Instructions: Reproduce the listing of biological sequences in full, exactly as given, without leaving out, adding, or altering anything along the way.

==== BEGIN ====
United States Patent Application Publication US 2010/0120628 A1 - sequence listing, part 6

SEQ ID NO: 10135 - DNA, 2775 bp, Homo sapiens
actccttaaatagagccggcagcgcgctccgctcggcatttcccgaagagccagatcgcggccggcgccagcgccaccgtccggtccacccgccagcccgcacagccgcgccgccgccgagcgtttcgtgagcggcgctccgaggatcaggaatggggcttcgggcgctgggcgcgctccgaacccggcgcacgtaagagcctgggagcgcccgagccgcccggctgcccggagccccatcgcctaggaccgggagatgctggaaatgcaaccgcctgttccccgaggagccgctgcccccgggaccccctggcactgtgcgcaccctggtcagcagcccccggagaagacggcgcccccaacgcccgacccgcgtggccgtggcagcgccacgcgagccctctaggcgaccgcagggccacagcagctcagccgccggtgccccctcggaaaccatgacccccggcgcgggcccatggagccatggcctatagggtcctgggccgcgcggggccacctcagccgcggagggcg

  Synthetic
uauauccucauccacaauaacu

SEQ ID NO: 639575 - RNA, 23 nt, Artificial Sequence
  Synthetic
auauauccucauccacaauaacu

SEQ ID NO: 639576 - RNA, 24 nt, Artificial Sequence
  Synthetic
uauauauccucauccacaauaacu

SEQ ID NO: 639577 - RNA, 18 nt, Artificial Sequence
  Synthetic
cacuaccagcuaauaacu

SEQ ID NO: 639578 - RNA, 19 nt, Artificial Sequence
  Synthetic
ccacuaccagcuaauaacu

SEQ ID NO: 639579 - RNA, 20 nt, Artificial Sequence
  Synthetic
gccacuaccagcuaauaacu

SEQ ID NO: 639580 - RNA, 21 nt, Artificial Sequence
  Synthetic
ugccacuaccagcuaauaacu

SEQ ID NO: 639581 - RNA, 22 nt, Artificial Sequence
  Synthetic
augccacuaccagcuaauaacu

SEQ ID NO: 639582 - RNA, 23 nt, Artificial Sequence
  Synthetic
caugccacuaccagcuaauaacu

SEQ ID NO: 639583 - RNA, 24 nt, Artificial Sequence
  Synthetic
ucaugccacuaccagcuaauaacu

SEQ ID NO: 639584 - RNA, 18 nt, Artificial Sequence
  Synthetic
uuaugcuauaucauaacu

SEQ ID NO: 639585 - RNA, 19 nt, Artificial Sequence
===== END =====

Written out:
United States Patent Application Publication US 2010/0120628 A1 - sequence listing, part 6

SEQ ID NO: 10135 - DNA, 2775 bp, Homo sapiens
actccttaaatagagccggcagcgcgctccgctcggcatttcccgaagagccagatcgcggccggcgccagcgccaccgtccggtccacccgccagcccgcacagccgcgccgccgccgagcgtttcgtgagcggcgctccgaggatcaggaatggggcttcgggcgctgggcgcgctccgaacccggcgcacgtaagagcctgggagcgcccgagccgcccggctgcccggagccccatcgcctaggaccgggagatgctggaaatgcaaccgcctgttccccgaggagccgctgcccccgggaccccctggcactgtgcgcaccctggtcagcagcccccggagaagacggcgcccccaacgcccgacccgcgtggccgtggcagcgccacgcgagccctctaggcgaccgcagggccacagcagctcagccgccggtgccccctcggaaaccatgacccccggcgcgggcccatggagccatggcctatagggtcctgggccgcgcggggccacctcagccgcggagggcg

  Synthetic
uauauccucauccacaauaacu

SEQ ID NO: 639575 - RNA, 23 nt, Artificial Sequence
  Synthetic
auauauccucauccacaauaacu

SEQ ID NO: 639576 - RNA, 24 nt, Artificial Sequence
  Synthetic
uauauauccucauccacaauaacu

SEQ ID NO: 639577 - RNA, 18 nt, Artificial Sequence
  Synthetic
cacuaccagcuaauaacu

SEQ ID NO: 639578 - RNA, 19 nt, Artificial Sequence
  Synthetic
ccacuaccagcuaauaacu

SEQ ID NO: 639579 - RNA, 20 nt, Artificial Sequence
  Synthetic
gccacuaccagcuaauaacu

SEQ ID NO: 639580 - RNA, 21 nt, Artificial Sequence
  Synthetic
ugccacuaccagcuaauaacu

SEQ ID NO: 639581 - RNA, 22 nt, Artificial Sequence
  Synthetic
augccacuaccagcuaauaacu

SEQ ID NO: 639582 - RNA, 23 nt, Artificial Sequence
  Synthetic
caugccacuaccagcuaauaacu

SEQ ID NO: 639583 - RNA, 24 nt, Artificial Sequence
  Synthetic
ucaugccacuaccagcuaauaacu

SEQ ID NO: 639584 - RNA, 18 nt, Artificial Sequence
  Synthetic
uuaugcuauaucauaacu

SEQ ID NO: 639585 - RNA, 19 nt, Artificial Sequence